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Full text of "Political Science Of The State"

364                              POLITICAL SCIENCE.
count This change was connected with a change of name ;
they were now called scdbinei or scabini (from the root scafan>
to draw out, to ordain}, a word which, in various forms, and
sometimes with a loss of its original sense, appears in various
languages, and shows the spread of the institution.*
In many of the towns, especially in Germany, the Dutch
provinces and Flanders, the scabini formed an upper class of
inhabitants, from whom the town councils and the principal
boards of judges were selected. At the time when the Sach-
senspiegel was composed, the word scJwffenbar, i. e., capable
of becoming a schofife, denoted a hereditary rank, the fifth in
order and the next after the freie herren. At Ghent there
were thirteen of these schoffen in the court of judges, thirteen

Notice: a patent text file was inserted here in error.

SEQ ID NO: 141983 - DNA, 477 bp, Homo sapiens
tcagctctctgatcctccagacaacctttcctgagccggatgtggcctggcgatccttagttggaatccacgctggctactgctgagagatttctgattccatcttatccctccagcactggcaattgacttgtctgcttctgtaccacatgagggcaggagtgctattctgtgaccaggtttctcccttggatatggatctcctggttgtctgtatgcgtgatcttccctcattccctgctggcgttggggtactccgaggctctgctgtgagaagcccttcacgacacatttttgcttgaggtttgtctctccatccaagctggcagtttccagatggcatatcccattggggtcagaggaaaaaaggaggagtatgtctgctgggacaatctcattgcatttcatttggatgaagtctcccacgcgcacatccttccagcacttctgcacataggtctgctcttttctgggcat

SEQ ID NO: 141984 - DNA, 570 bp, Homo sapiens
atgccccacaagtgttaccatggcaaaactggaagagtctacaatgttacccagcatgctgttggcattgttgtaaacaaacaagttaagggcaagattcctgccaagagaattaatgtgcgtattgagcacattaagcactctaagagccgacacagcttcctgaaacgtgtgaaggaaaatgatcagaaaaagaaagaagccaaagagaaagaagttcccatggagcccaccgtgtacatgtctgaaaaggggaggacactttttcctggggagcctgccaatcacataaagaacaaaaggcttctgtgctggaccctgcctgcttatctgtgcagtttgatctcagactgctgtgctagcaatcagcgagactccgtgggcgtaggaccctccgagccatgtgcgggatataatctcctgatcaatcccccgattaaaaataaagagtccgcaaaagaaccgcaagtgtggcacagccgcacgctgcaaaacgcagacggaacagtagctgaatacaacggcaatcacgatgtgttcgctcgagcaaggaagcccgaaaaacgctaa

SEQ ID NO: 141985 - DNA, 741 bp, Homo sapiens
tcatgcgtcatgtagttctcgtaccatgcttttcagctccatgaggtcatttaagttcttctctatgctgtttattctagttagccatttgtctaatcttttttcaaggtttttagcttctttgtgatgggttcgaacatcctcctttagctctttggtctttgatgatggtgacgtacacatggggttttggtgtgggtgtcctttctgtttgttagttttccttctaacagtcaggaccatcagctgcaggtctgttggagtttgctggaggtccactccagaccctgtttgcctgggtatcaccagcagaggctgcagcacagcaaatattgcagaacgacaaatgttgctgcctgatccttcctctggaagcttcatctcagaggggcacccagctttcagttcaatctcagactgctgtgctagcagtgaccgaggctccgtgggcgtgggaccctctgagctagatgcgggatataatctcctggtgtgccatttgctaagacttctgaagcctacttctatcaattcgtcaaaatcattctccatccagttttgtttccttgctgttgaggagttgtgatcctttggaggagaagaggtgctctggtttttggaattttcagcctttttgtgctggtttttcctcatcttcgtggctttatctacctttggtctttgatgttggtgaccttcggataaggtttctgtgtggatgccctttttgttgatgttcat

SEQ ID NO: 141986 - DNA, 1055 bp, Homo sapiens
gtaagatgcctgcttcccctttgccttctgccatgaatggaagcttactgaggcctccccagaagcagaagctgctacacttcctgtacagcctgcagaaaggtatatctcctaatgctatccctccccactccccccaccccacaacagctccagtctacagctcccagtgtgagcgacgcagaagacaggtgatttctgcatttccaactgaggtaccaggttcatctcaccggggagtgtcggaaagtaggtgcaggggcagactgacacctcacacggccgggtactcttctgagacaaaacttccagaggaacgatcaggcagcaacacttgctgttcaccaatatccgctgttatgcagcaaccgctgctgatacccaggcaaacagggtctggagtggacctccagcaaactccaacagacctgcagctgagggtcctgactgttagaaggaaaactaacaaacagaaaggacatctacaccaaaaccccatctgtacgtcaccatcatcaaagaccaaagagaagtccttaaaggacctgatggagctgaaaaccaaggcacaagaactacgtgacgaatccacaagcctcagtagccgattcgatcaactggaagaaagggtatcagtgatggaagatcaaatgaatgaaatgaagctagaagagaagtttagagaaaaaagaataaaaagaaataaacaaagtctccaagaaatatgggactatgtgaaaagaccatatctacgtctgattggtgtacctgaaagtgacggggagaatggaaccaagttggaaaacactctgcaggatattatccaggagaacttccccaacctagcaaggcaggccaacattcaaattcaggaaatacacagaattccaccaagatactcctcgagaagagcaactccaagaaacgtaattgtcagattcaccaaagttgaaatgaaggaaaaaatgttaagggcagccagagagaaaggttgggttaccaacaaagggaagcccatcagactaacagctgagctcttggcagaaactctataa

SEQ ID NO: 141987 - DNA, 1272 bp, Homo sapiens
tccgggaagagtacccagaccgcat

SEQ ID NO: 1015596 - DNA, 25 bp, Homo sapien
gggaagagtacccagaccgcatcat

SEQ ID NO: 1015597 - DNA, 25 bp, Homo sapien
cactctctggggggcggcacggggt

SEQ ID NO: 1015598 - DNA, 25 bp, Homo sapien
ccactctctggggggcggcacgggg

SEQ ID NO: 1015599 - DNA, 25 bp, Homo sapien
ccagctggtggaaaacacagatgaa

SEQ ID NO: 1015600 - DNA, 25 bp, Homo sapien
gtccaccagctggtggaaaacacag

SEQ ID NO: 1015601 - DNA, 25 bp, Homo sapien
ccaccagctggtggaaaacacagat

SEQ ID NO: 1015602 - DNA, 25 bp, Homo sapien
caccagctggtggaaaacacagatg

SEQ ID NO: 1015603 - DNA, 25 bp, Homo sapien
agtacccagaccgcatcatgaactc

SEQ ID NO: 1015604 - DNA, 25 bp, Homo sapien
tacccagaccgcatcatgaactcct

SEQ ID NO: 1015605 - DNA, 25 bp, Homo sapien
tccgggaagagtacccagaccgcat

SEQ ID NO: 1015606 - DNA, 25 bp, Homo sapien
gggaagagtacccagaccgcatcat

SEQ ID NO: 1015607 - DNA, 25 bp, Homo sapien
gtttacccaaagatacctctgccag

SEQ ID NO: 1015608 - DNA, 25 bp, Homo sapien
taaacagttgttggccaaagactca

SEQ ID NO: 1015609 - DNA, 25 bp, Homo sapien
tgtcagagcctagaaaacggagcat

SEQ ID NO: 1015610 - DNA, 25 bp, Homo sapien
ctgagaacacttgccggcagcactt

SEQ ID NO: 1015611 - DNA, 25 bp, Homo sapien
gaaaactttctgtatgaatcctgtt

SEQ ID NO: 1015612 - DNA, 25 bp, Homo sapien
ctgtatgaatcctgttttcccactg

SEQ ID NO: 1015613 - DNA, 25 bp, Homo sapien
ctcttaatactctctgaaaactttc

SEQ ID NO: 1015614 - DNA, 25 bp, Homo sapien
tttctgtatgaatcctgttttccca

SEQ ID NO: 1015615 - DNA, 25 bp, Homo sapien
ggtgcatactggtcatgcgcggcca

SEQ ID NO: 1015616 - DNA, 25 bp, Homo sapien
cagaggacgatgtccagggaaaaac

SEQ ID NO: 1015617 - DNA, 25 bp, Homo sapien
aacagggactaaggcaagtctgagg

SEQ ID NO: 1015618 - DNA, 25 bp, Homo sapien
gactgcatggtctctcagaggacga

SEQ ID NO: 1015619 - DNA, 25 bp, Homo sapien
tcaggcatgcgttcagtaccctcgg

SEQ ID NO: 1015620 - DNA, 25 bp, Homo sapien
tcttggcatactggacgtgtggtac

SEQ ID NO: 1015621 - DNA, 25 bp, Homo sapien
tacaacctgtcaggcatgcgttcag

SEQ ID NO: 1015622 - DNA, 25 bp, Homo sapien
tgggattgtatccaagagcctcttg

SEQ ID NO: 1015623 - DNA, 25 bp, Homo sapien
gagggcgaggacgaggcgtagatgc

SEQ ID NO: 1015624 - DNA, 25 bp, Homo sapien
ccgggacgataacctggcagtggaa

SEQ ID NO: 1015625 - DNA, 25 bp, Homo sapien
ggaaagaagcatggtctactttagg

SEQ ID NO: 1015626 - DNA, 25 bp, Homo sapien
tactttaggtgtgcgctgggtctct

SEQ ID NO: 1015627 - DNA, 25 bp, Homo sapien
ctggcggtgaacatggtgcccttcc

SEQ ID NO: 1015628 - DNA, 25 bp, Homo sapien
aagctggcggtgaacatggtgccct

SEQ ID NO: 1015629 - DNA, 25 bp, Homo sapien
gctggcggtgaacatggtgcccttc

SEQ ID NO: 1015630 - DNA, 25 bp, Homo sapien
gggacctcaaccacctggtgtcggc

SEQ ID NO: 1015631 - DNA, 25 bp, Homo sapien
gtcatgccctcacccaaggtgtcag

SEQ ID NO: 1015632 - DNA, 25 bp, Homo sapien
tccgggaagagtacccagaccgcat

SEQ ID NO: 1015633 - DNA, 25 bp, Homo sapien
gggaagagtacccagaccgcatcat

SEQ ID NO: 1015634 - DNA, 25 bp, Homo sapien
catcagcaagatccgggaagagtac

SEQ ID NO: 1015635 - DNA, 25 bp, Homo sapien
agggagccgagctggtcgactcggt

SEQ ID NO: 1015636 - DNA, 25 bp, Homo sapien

in the council, and thirteen who had no official place. At
Bruges there were thirteen lifelong ones, and the same num-
ber of councillors, that is, twelve of each, with a burgomaster
of their number.
These town-officers or judges were often wealthy citizens
j
who knew little of law, so that they needed advisers, the more
if their office continued but a single year. Their advisers
were called pensionaries from the pay given to them, and
after the Roman law. began to spread, were usually doctors
or licentiates of law, who did not change with the change of
the schoffen, but had a more permanent appointment. The
same practice prevailed at the meetings of the estates of a
province. Thus in Holland the grand pensionary was 'the
paid officer or attorney of the estates, and in a town the pen-
sionary was the attorney of the town judges or town council.
Olden-Barnevelt was at first pensionary of Rotterdam (which
office Grotius filled afterwards), and then grand pensionary;
as such he would be present at the meetings of the estates
* Comp. Grimm, D. Rechtsalterth., p. 775, ed. i ; Dietz, Etymol.
Wort, sub voce in part first. In the Germanic dialects it is: scepen, old
Saxon; sceffeno, old high Germ.; schoffe, schoppe, Germ.; schoepe,
Dutch; schepe, Flem.; and in the Romanic: scabino, schiavino, It&L;
esclavin, Span.; Schevin, J?r. For the institution of Charlemagne
relating to scabini J have referred to Sohm, Frank. Reichs-u-Gerichts^
verfass.,  18, in another place.